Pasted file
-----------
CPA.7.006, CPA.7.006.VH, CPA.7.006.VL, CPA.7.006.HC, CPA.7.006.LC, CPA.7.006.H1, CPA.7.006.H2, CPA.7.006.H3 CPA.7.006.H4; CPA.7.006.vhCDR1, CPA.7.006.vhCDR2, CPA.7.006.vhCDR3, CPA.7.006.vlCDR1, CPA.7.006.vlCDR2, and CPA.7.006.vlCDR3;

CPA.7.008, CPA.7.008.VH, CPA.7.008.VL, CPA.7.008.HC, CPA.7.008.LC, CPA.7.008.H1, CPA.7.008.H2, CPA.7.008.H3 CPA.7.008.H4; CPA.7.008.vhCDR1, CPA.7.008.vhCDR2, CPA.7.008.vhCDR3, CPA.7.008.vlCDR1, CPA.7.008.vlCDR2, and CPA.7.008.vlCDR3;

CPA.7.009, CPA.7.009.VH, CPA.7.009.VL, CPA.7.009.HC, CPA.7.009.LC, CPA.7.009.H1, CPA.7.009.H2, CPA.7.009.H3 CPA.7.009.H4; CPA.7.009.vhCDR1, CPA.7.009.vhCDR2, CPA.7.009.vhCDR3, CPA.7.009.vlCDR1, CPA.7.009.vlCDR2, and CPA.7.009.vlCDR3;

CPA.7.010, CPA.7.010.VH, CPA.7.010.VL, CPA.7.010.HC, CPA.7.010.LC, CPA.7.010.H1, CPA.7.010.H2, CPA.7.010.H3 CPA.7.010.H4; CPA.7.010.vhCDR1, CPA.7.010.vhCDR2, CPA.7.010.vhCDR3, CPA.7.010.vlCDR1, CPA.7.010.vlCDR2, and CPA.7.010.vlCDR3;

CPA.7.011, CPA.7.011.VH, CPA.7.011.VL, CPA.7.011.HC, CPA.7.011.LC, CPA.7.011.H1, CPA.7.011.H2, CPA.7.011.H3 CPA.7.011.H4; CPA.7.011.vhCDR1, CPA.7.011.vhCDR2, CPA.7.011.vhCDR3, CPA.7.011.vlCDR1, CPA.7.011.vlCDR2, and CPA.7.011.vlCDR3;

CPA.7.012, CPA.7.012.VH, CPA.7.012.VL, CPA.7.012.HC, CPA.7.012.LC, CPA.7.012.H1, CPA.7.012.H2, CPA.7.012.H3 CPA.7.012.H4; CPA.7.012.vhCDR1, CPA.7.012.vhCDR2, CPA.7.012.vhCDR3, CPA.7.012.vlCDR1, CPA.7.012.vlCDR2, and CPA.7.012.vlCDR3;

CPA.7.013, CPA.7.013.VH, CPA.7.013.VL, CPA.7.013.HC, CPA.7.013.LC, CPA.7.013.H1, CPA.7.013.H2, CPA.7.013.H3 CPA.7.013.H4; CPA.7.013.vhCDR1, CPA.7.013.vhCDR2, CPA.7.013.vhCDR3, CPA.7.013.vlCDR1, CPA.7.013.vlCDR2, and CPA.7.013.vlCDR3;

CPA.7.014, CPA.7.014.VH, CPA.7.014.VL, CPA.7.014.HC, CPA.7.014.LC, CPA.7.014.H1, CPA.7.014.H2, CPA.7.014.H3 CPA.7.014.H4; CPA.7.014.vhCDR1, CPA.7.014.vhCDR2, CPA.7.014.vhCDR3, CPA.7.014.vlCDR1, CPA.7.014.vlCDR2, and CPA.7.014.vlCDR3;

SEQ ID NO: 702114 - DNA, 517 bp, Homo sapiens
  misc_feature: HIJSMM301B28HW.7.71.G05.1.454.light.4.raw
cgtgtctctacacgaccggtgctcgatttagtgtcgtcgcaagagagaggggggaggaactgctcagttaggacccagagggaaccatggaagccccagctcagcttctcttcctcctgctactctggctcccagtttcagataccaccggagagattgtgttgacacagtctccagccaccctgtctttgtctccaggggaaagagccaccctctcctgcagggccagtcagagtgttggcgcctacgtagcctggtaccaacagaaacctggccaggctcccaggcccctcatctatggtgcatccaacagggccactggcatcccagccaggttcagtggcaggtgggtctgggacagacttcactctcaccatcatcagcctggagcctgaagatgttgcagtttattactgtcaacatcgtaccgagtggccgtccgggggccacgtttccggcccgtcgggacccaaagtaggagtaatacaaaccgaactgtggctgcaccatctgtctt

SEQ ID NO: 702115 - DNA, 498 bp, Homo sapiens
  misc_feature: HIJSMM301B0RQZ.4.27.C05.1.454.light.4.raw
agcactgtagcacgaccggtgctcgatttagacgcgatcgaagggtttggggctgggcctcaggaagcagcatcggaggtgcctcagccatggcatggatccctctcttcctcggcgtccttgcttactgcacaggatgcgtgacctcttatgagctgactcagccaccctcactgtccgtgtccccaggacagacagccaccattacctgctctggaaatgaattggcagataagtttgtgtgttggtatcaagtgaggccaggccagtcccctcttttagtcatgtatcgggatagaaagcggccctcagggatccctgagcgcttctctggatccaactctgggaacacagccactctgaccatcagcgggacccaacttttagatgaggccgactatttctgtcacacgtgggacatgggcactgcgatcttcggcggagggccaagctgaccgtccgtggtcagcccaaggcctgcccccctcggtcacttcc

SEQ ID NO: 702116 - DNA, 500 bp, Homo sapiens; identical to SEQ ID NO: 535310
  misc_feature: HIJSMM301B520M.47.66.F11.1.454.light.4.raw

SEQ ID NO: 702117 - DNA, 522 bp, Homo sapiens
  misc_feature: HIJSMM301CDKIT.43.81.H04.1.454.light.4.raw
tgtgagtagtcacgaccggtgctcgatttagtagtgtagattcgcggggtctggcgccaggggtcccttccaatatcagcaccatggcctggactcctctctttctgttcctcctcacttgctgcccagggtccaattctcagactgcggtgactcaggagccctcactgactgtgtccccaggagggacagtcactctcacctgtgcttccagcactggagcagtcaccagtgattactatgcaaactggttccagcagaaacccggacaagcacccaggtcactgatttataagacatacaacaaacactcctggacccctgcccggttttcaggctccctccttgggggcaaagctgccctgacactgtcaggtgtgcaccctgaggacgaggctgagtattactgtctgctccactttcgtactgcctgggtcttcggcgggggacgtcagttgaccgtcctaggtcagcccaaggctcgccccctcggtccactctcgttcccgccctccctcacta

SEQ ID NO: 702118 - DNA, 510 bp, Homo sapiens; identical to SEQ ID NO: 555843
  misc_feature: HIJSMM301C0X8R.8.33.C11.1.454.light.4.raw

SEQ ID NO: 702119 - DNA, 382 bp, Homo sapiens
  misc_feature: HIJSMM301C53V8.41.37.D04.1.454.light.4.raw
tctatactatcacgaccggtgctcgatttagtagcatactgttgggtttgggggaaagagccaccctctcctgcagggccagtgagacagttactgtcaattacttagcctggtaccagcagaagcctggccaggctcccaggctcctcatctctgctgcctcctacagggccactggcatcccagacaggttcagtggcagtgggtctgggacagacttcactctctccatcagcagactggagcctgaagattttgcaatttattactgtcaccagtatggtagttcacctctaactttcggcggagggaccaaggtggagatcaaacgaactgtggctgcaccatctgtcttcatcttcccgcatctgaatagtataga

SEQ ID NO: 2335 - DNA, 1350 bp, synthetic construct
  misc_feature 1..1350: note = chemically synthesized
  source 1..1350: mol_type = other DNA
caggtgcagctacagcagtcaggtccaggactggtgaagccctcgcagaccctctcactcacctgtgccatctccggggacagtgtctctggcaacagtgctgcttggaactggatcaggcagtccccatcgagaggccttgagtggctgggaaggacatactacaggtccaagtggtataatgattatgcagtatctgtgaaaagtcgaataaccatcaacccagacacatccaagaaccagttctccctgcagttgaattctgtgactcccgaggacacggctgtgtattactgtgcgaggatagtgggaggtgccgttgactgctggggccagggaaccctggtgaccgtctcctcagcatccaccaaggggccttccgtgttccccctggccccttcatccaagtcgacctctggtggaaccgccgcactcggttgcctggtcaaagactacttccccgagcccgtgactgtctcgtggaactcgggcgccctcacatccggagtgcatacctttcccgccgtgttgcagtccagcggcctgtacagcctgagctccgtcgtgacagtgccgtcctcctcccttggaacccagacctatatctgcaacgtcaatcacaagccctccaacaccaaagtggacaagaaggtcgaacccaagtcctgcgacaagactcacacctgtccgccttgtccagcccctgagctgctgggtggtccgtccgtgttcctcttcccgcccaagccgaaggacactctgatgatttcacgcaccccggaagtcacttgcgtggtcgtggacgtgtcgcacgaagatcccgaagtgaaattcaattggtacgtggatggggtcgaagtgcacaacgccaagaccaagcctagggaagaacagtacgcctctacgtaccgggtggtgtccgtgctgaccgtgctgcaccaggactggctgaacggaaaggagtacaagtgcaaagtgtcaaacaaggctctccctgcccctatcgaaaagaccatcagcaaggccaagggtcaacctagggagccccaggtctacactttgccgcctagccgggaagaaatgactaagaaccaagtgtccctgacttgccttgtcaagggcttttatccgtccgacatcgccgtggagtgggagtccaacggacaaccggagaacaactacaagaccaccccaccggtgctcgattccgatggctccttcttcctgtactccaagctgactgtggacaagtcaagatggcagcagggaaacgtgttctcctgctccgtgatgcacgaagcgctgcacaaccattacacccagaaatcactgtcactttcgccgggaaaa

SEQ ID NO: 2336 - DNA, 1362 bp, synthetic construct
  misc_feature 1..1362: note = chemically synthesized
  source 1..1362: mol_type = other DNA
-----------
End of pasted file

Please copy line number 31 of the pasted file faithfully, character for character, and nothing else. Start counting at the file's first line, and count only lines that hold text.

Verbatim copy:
  source 1..1362: mol_type = other DNA